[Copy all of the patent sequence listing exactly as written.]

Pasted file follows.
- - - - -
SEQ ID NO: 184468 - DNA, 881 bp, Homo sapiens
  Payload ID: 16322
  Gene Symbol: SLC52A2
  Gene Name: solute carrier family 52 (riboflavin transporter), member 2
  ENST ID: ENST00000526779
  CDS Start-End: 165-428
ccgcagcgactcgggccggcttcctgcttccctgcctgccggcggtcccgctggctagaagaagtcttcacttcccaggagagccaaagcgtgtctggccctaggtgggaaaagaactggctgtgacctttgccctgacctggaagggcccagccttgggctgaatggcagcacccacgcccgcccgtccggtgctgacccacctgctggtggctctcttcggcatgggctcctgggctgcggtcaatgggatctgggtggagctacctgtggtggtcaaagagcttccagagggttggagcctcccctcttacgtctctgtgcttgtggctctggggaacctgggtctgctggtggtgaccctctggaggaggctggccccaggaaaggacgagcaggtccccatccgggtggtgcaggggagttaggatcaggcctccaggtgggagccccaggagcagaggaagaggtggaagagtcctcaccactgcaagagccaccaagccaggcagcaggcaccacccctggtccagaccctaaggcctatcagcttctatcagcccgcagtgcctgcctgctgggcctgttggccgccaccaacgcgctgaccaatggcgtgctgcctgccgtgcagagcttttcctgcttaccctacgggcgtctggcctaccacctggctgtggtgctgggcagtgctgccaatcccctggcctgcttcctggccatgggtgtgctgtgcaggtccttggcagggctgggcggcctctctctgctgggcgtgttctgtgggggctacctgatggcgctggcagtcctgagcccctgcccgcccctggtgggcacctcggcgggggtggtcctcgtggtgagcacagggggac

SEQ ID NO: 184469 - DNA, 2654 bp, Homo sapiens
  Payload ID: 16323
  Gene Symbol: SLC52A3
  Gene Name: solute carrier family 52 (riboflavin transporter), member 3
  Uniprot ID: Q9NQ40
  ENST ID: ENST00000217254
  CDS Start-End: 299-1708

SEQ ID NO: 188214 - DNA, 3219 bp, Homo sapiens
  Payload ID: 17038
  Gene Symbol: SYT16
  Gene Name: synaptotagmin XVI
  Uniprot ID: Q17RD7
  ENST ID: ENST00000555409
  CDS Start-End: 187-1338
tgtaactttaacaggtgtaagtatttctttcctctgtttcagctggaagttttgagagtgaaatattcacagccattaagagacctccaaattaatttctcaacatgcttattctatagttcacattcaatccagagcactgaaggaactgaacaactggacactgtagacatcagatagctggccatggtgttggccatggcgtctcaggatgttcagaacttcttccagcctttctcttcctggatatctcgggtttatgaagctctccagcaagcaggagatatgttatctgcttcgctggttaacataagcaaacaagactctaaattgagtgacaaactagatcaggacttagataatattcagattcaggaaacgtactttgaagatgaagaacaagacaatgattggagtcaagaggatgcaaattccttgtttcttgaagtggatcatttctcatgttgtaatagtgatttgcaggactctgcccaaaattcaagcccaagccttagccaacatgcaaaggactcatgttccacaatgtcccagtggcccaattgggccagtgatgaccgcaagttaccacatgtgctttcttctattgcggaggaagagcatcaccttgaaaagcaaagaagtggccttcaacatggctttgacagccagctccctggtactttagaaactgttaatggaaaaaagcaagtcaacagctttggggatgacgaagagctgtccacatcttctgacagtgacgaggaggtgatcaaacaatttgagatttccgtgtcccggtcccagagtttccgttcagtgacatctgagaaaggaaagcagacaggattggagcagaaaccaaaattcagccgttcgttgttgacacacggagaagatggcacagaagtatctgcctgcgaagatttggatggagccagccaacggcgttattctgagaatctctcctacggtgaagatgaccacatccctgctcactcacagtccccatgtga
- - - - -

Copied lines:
SEQ ID NO: 184468 - DNA, 881 bp, Homo sapiens
  Payload ID: 16322
  Gene Symbol: SLC52A2
  Gene Name: solute carrier family 52 (riboflavin transporter), member 2
  ENST ID: ENST00000526779
  CDS Start-End: 165-428
ccgcagcgactcgggccggcttcctgcttccctgcctgccggcggtcccgctggctagaagaagtcttcacttcccaggagagccaaagcgtgtctggccctaggtgggaaaagaactggctgtgacctttgccctgacctggaagggcccagccttgggctgaatggcagcacccacgcccgcccgtccggtgctgacccacctgctggtggctctcttcggcatgggctcctgggctgcggtcaatgggatctgggtggagctacctgtggtggtcaaagagcttccagagggttggagcctcccctcttacgtctctgtgcttgtggctctggggaacctgggtctgctggtggtgaccctctggaggaggctggccccaggaaaggacgagcaggtccccatccgggtggtgcaggggagttaggatcaggcctccaggtgggagccccaggagcagaggaagaggtggaagagtcctcaccactgcaagagccaccaagccaggcagcaggcaccacccctggtccagaccctaaggcctatcagcttctatcagcccgcagtgcctgcctgctgggcctgttggccgccaccaacgcgctgaccaatggcgtgctgcctgccgtgcagagcttttcctgcttaccctacgggcgtctggcctaccacctggctgtggtgctgggcagtgctgccaatcccctggcctgcttcctggccatgggtgtgctgtgcaggtccttggcagggctgggcggcctctctctgctgggcgtgttctgtgggggctacctgatggcgctggcagtcctgagcccctgcccgcccctggtgggcacctcggcgggggtggtcctcgtggtgagcacagggggac

SEQ ID NO: 184469 - DNA, 2654 bp, Homo sapiens
  Payload ID: 16323
  Gene Symbol: SLC52A3
  Gene Name: solute carrier family 52 (riboflavin transporter), member 3
  Uniprot ID: Q9NQ40
  ENST ID: ENST00000217254
  CDS Start-End: 299-1708

SEQ ID NO: 188214 - DNA, 3219 bp, Homo sapiens
  Payload ID: 17038
  Gene Symbol: SYT16
  Gene Name: synaptotagmin XVI
  Uniprot ID: Q17RD7
  ENST ID: ENST00000555409
  CDS Start-End: 187-1338
tgtaactttaacaggtgtaagtatttctttcctctgtttcagctggaagttttgagagtgaaatattcacagccattaagagacctccaaattaatttctcaacatgcttattctatagttcacattcaatccagagcactgaaggaactgaacaactggacactgtagacatcagatagctggccatggtgttggccatggcgtctcaggatgttcagaacttcttccagcctttctcttcctggatatctcgggtttatgaagctctccagcaagcaggagatatgttatctgcttcgctggttaacataagcaaacaagactctaaattgagtgacaaactagatcaggacttagataatattcagattcaggaaacgtactttgaagatgaagaacaagacaatgattggagtcaagaggatgcaaattccttgtttcttgaagtggatcatttctcatgttgtaatagtgatttgcaggactctgcccaaaattcaagcccaagccttagccaacatgcaaaggactcatgttccacaatgtcccagtggcccaattgggccagtgatgaccgcaagttaccacatgtgctttcttctattgcggaggaagagcatcaccttgaaaagcaaagaagtggccttcaacatggctttgacagccagctccctggtactttagaaactgttaatggaaaaaagcaagtcaacagctttggggatgacgaagagctgtccacatcttctgacagtgacgaggaggtgatcaaacaatttgagatttccgtgtcccggtcccagagtttccgttcagtgacatctgagaaaggaaagcagacaggattggagcagaaaccaaaattcagccgttcgttgttgacacacggagaagatggcacagaagtatctgcctgcgaagatttggatggagccagccaacggcgttattctgagaatctctcctacggtgaagatgaccacatccctgctcactcacagtccccatgtga